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PRI's Environmental News Magazine

Riding the Environmental Justice Bus

Air Date: Week of October 6, 2006

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Lawyer Monique Harden speaks outside a Louisville, KY, stop on the Environmental Justice 4 All Tour. (Photo: Hilton Kelley)

Lawyer Monique Harden helped organize a bus tour to raise awareness about environmental injustice in poor neighborhoods across the nation. Along the road from Port Arthur, Texas to Washington, DC, Harden meets the people fighting pollution in their communities and shares some of their stories in an audio diary.

Transcript

HARDEN: Ghost towns. Ghost Towns. These are the words that keep repeating over and over in my mind as I board a large tour bus with people who come from communities in several southern states.

CURWOOD: The Environmental Justice 4 All tour took Louisiana lawyer Monique Harden and other advocates throughout America’s South. Their bus was one of three visiting some of the poorest areas in our country – most of which are communities of color - fighting for their right to environmental protection. Ms. Harden recently returned from the trip and brings us this audio diary.


Lawyer Monique Harden speaks outside a Lousiville, KY, stop on the Environmental Justice 4 All Tour. (Photo: Hilton Kelley)

HARDEN: The idea for this tour came from grass roots community advocates who wanted to break the isolation felt by people of color and the poor who live, work, study, worship and play in the places across America that are used as dumping grounds by both private corporations and our government. What they struggle against is legal. What they struggle against damages their health and threatens their lives. We visit the people who live in the shadows of incinerators and smokestacks and below the deep scars of mountain top removal.

There are no celebrities or politicians on our bus. Instead we have ordinary people who are attempting to do the extraordinary; restore their communities and protect the health of residents from a broad array of operations that damage their environment.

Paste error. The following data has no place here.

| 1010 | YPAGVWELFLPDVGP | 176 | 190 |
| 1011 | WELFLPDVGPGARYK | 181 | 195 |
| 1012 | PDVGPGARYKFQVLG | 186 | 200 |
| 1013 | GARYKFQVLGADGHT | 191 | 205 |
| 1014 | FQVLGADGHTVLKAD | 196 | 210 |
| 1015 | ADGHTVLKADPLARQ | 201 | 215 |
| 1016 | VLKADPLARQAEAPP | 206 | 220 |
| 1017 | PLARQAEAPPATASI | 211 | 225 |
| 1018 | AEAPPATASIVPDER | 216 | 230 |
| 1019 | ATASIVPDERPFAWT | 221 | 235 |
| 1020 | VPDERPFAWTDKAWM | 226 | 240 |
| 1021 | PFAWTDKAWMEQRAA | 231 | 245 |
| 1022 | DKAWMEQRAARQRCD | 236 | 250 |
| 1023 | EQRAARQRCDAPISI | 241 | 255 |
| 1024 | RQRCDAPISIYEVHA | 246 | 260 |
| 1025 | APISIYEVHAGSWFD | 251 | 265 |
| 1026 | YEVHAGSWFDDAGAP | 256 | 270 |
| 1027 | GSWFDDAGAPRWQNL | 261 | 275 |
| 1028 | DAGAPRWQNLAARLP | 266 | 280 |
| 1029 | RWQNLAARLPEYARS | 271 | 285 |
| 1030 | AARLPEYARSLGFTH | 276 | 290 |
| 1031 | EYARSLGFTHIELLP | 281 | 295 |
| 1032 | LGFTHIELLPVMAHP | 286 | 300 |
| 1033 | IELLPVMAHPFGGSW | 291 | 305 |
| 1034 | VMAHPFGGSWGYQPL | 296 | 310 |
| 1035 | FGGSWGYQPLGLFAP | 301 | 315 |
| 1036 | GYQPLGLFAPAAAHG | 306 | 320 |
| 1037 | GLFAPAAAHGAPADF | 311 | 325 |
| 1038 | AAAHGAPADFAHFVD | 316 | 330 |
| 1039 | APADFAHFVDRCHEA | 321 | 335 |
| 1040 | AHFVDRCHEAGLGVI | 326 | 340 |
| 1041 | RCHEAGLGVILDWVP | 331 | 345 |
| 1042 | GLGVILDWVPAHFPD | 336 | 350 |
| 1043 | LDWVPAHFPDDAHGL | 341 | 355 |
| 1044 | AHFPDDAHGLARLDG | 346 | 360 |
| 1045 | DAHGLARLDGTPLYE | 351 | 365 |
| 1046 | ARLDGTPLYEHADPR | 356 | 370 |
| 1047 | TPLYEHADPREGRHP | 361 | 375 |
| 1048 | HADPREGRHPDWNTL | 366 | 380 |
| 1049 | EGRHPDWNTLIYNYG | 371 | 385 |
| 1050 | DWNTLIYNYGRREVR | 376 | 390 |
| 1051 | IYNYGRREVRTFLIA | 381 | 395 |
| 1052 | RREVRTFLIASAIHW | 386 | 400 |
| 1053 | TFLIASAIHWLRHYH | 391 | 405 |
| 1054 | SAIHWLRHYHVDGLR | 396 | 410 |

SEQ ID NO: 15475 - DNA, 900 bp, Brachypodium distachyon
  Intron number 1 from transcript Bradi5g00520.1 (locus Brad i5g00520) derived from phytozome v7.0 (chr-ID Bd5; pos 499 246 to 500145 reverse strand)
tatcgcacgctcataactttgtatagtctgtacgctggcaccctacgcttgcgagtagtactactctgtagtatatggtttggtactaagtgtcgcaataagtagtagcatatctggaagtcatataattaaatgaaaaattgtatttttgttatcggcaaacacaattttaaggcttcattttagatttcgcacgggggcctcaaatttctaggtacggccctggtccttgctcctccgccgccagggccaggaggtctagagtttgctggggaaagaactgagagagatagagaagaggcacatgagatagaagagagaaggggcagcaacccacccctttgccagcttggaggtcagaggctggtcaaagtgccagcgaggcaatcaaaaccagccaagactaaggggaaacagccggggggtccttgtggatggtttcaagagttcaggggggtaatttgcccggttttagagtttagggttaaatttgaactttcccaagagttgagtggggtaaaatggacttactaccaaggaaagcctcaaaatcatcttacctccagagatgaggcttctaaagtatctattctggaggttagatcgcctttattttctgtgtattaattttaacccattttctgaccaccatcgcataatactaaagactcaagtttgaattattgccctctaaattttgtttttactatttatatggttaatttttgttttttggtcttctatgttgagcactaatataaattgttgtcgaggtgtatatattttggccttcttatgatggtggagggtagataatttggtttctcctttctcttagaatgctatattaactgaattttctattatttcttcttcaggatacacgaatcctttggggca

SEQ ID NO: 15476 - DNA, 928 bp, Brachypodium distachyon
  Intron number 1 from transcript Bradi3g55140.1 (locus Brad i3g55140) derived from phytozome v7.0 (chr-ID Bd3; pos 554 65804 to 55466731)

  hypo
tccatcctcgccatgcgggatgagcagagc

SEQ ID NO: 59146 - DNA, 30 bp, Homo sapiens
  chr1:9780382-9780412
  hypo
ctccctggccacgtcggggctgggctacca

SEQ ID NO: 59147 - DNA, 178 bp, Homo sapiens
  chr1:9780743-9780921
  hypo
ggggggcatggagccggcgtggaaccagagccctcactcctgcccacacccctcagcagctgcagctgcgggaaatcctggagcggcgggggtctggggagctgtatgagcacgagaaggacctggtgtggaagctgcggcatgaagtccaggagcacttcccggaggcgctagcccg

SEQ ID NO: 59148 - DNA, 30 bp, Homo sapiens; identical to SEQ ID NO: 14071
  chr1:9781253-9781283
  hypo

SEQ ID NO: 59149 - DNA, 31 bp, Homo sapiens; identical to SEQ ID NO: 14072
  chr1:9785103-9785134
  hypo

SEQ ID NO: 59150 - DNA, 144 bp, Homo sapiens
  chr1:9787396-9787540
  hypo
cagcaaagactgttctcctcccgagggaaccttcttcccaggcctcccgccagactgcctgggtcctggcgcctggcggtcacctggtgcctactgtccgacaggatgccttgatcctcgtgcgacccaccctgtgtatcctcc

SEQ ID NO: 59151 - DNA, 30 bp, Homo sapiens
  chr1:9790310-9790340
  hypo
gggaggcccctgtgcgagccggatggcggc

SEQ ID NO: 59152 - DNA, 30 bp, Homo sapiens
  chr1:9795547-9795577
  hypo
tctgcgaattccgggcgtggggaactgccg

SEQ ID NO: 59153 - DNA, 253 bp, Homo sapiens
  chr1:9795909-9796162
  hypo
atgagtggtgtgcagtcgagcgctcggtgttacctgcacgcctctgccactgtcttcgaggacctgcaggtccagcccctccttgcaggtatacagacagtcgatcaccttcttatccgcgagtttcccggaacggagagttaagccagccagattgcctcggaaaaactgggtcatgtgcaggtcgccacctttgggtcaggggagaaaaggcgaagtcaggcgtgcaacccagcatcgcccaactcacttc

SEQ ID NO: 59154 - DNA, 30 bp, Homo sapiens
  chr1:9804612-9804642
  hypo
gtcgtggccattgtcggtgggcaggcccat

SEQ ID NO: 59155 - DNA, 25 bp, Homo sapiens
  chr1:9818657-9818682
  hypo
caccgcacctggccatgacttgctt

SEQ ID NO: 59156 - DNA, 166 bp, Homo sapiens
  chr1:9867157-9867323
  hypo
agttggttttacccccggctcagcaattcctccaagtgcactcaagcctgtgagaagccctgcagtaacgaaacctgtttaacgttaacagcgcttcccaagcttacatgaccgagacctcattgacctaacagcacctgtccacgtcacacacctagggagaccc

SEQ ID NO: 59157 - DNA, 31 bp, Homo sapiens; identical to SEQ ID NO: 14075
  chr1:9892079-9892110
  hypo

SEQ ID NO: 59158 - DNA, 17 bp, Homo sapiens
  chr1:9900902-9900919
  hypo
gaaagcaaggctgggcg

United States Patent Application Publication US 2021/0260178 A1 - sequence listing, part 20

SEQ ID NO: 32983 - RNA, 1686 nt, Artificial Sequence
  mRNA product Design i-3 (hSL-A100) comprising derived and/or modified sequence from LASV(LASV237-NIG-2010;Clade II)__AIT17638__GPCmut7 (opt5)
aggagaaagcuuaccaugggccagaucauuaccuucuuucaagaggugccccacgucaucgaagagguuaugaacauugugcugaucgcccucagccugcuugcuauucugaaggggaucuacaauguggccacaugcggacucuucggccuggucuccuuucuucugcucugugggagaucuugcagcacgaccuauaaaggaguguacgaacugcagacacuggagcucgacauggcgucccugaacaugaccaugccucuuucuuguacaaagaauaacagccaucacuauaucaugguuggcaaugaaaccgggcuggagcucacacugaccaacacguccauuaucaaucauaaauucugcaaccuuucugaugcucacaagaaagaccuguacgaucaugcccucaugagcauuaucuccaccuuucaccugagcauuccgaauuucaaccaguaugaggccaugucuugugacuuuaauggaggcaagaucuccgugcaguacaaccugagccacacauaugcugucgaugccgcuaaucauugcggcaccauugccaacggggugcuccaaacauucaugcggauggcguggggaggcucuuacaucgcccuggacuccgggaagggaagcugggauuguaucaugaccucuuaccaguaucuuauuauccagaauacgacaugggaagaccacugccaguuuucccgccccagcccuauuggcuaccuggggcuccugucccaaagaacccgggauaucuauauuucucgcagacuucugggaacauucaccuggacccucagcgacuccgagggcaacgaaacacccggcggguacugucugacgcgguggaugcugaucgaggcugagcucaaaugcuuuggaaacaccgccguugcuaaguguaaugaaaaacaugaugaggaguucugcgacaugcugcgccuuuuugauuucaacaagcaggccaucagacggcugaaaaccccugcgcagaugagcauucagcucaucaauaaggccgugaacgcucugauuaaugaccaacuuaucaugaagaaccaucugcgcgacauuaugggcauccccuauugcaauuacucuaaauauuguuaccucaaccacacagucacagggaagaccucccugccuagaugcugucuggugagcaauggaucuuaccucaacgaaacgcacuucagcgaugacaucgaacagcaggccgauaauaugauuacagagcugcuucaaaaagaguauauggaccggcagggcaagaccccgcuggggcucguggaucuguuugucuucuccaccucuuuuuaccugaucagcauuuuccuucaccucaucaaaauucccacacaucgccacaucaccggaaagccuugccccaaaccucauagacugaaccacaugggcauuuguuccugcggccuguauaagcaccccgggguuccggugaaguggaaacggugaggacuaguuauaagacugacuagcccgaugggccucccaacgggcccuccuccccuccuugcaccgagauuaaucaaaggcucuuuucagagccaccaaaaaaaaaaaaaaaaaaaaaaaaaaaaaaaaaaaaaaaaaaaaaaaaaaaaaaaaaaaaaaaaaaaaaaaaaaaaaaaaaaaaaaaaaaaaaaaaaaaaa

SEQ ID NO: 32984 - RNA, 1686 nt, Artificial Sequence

[MUSIC: Dollar Brand/Archie Shepp “ Fourtunato” From Duet: Archie Shepp/Dollar Brand (Denon)]

Sunday: our first stop on the tour was in Port Arthur, Texas and we went to the African American neighborhood on the west side of the city. This neighborhood is literally on the fence line of oil refineries owned by Shell and Chevron, as well as a number of petrochemical facilities. And this is a neighborhood where people are dying from cancer. And children as young as 2 years old have to use inhalers and breathing devices in order to cope with the pollution in their air. This is also a community that has organized to find solutions.

[MUSIC: Charles Lloyd “Prayer, The Crossing” From Lift Every Voice (ECM)]

Hilton Kelly, a resident of the Port Arthur neighborhood, learned how to use air-monitoring devices. And brought them in to his community to test the air in his neighborhood. And his air monitoring showed high levels of cancer-causing chemicals like benzene and taluine, which are emitted by these refineries. High concentrations.

[MUSIC: Charles Lloyd “Prayer, The Crossing” From Lift Every Voice (ECM)]

Monday: Mossville, Louisiana. The first thing that you see is a wide expanse of smokestacks and storage tanks that seem to just go for miles. And it’s in the midst of that where the community of Mossville is located. The bus rolled into Mossville the week after one of the facilities released a large amount of vinylchloride into the environment through an accidental leak. And vinylchloride is a very potent human carcinogen. And it’s one of the main chemicals that folks in Mossville are very concerned about because there’s so much vinyl production that goes on in their community by five facilities. And you gotta understand that these facilities operate, some of them, across the street from resident’s homes. They live under the constant threat that any accident could be the accident that does them in.

[MUSIC: Charles Lloyd “Prayer, The Crossing” From Lift Every Voice (ECM)]

Saturday: Whitesville, West Virginia. The folks there were white and they were poor. But their situations was not unlike the situations in the African American neighborhoods and communities that we visited in Louisiana, Alabama, Mississippi, and Tennessee. They too were being subjected to the environmental injustice of polluting operations. In their case coal companies that had ruined the water with the runoff from mountain top removal operations. And made it so residents could not even drink the water from their taps. We were able to go up in a plane where we saw the destruction of mountain top removal in the area.

[MUSIC: Charles Lloyd “Prayer, The Crossing” From Lift Every Voice (ECM)]

Sunday: Washington DC. Our tour demonstrated that for so many communities across America environmental protection is a myth. But each of these communities hold the answer for reforming our system and truly making environmental protection something that protects and values the lives of all people.

CURWOOD: Monique Harden is a lawyer and one of the organizers of this year’s Environmental Justice 4 All Tour.

 

Links

Environmental Justice 4 All Tour

 

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